Two distinct plants are known as chamomile and are used interchangeably: German and Roman chamomile. Although botanically far apart, they both look like miniature daisies and appear to possess similar medicinal benefits.
It has been suggested chamomile’s reported effect is due to the constituents of its bright blue oil, including chamazulene, alphabisabolol, and bisaboloxides. However, the water-soluble part of chamomile may play a role too, especially in soothing stomach upset.
Chamomile is useful for digestive disturbances, especially if they occur from nervousness (irritable bowel disorder). Due to the number of chemicals contained in chamomile, this herb can be effective in inflammatory bowel disease and other gastrointestinal disorders, such as pets with excessive intestinal gas. It might help protect the stomach against irritation caused by anti-inflammatory drugs.
Concentrated alcohol extracts of chamomile are also sometimes used to treat the pain caused by various forms of arthritis. And, it is common practice in Germany for individuals with asthma or other breathing problems to inhale the steam from boiling chamomile and other herbs.
Chamomile is often recommended as an herbal dewormer for pets with worms, especially roundworms and whipworms, and is safer than other dewormers (wormwood, black walnut).
Chamomile is useful for pets with nervousness and anxiety. Chamomile is an anti-inflammatory herb that is also useful for its antimicrobial properties (for pets with skin infections) and for its ability to heal wounds.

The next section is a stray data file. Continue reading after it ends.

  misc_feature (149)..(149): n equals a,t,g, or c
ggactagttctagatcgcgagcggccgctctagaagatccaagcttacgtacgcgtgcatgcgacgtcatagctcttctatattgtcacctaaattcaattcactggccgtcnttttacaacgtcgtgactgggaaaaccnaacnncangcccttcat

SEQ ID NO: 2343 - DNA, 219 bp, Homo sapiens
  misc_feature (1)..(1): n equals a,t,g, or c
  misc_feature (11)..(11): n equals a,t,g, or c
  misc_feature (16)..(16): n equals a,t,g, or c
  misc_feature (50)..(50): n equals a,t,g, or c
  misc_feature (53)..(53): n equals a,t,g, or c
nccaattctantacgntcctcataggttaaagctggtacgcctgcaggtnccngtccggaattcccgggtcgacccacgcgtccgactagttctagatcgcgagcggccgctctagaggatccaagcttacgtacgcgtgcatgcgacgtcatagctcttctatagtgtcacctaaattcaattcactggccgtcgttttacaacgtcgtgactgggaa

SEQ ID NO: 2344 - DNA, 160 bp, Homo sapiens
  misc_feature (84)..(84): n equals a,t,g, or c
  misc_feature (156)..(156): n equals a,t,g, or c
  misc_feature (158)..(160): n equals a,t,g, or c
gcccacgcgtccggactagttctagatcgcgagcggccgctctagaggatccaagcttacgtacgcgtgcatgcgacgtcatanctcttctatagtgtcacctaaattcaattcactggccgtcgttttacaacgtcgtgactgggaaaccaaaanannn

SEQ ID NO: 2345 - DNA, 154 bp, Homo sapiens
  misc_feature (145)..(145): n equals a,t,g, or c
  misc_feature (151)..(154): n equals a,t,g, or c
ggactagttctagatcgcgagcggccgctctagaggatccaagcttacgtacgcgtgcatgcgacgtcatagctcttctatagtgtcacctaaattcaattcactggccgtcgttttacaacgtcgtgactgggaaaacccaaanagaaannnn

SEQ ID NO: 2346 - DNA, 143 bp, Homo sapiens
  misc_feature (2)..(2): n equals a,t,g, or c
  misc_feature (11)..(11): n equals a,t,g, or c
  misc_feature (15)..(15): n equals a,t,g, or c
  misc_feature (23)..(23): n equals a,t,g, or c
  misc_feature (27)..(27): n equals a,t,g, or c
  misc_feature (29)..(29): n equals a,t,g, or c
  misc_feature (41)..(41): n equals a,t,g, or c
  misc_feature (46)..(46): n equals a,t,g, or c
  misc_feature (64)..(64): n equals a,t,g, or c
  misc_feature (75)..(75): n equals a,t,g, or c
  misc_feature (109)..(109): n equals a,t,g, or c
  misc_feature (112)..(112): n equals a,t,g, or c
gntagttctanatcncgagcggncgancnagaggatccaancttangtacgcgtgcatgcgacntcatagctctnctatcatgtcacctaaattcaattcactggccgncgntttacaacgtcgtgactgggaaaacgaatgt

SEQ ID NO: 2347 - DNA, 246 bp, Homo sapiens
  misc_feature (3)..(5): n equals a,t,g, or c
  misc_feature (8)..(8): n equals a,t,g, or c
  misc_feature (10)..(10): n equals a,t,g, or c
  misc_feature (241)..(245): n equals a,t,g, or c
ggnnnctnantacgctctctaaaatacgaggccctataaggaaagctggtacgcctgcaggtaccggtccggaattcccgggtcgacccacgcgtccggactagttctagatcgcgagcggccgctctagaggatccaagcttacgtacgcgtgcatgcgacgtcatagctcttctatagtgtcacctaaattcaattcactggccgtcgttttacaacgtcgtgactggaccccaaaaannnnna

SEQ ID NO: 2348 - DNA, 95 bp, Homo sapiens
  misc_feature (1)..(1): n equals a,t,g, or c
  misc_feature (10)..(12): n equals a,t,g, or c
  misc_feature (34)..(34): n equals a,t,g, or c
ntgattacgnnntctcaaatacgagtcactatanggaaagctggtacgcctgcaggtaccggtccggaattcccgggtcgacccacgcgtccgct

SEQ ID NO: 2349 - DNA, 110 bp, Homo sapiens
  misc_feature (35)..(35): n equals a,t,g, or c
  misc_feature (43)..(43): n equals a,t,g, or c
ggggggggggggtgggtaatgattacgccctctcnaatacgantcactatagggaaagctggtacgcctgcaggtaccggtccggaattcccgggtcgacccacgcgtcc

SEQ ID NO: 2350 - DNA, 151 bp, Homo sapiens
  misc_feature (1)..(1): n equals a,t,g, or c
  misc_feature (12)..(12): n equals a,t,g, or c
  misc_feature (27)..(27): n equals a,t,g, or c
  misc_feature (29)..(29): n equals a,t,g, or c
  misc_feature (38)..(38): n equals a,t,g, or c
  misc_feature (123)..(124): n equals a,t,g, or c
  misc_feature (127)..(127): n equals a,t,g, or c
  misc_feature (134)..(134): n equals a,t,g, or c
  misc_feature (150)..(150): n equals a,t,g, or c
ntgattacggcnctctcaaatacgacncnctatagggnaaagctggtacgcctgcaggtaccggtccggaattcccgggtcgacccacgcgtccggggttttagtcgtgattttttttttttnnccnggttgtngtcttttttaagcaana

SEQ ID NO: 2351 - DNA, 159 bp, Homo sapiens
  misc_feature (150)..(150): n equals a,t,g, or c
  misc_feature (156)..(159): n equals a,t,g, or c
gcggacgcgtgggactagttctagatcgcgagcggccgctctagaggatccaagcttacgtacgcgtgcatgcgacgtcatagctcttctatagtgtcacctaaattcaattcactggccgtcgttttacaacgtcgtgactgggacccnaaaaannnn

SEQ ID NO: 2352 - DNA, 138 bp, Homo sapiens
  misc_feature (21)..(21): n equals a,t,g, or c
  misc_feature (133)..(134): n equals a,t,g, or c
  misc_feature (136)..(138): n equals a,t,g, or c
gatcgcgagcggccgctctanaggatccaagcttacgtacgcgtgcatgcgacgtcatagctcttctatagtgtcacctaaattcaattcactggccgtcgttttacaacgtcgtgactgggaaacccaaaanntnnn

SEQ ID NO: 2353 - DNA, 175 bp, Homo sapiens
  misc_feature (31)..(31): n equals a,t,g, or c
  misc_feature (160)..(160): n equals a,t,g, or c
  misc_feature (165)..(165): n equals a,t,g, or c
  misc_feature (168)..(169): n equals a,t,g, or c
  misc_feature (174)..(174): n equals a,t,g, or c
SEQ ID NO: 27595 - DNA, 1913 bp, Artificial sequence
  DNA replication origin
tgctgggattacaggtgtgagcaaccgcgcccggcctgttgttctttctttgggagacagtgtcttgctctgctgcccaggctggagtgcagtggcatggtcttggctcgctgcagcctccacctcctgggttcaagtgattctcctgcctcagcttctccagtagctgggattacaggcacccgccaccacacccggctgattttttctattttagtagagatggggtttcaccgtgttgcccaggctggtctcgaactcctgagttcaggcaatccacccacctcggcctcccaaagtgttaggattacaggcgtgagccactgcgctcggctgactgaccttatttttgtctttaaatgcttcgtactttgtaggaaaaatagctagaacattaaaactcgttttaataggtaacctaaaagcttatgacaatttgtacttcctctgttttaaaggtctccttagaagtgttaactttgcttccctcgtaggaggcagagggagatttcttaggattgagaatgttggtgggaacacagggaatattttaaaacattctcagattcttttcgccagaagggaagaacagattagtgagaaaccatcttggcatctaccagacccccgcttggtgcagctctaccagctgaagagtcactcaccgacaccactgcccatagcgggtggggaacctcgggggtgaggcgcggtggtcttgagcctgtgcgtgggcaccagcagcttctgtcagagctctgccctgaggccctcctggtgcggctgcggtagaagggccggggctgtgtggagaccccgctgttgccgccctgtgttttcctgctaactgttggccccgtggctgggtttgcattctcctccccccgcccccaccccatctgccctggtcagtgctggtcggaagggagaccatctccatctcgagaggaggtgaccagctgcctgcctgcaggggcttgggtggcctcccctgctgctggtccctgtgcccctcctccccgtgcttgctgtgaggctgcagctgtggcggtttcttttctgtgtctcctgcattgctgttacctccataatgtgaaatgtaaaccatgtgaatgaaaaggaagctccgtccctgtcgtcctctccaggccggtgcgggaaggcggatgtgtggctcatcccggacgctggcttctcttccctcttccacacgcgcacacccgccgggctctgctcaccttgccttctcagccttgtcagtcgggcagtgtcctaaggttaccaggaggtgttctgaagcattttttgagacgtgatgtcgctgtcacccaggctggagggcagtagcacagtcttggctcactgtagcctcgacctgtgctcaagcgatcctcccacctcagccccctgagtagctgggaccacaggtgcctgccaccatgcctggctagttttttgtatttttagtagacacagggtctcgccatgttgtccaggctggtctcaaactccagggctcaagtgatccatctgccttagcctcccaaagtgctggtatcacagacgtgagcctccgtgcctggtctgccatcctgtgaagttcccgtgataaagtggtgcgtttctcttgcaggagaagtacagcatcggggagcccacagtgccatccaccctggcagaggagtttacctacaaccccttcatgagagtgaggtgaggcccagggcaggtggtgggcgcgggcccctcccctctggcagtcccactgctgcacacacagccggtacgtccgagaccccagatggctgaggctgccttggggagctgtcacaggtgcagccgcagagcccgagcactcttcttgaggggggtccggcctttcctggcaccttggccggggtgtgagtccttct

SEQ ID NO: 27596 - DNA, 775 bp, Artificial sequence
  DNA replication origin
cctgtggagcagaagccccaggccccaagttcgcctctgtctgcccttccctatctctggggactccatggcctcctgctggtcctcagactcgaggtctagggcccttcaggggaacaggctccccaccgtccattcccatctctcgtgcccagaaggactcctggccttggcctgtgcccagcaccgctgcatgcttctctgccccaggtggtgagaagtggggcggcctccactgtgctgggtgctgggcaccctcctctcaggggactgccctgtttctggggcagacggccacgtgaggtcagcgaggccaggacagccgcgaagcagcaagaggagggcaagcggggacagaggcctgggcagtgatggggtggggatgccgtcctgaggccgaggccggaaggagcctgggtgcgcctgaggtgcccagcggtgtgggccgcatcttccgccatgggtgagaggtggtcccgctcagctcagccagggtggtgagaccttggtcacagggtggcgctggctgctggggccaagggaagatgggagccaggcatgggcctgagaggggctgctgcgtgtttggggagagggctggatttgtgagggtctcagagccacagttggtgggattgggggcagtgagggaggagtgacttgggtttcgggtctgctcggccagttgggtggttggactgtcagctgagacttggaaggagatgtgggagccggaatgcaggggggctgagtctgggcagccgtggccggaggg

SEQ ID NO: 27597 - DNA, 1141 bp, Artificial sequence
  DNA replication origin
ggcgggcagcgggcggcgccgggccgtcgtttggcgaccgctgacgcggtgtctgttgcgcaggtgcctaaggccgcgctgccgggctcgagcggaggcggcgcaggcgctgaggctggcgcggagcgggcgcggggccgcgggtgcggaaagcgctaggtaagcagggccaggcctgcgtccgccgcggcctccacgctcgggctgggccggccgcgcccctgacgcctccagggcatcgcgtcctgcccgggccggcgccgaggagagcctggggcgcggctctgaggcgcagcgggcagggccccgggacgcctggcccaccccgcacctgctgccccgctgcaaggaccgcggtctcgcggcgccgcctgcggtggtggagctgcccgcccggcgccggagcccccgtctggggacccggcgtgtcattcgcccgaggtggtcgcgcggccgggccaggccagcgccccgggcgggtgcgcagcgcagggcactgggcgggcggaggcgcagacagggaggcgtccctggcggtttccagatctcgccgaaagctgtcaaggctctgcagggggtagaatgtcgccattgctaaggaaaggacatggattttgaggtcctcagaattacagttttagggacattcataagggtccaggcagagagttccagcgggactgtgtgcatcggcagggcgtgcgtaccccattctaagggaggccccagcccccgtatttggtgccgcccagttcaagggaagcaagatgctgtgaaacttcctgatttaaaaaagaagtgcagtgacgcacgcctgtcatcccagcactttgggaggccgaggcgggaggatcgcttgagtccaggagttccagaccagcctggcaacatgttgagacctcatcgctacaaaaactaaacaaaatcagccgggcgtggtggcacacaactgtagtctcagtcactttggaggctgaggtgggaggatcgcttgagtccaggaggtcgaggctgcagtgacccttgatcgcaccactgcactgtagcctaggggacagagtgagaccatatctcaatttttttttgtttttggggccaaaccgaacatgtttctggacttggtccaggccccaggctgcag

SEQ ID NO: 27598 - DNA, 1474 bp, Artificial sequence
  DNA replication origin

Chamomile can be used as a cooled infusion preparation applied topically to inflamed or infected skin, and applied topically to the eye for pets with allergic conjunctivitis.
Avoid using German chamomile in pregnant animals as it may cause abortion. Usually considered a safe herb, the rare pet may be allergic to chamomile, especially those allergic to ragweed, so a small amount should be applied to the skin first to check for inflammation, hives, or other signs of sensitivity. If no reaction occurs, feed a small amount and watch for vomiting, diarrhea, or hives. If no reaction occurs, use as directed by your veterinarian.
Chamomile also contains naturally occurring coumarin compounds that can act as “blood thinners.” Excessive use of chamomile is therefore not recommended when taking prescription anticoagulants.
Safety in young children, pregnant or nursing women, or those with liver or kidney disease has not been established, although there have not been any credible reports of toxicity caused by this common beverage tea. Similar precautions should probably be observed in pets.
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Shawn Messonnier, DVM
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Shawn Messonnier DVM Past Supporting Member, Oncology Association of Naturopathic Physicians Author, the award-winning The Natural Health Bible for Dogs & Cats, The Natural Vet’s Guide to Preventing and Treating Cancer in Dogs, and Breast Choices for the Best Chances: Your Breasts, Your Life, and How YOU Can Win The Battle!
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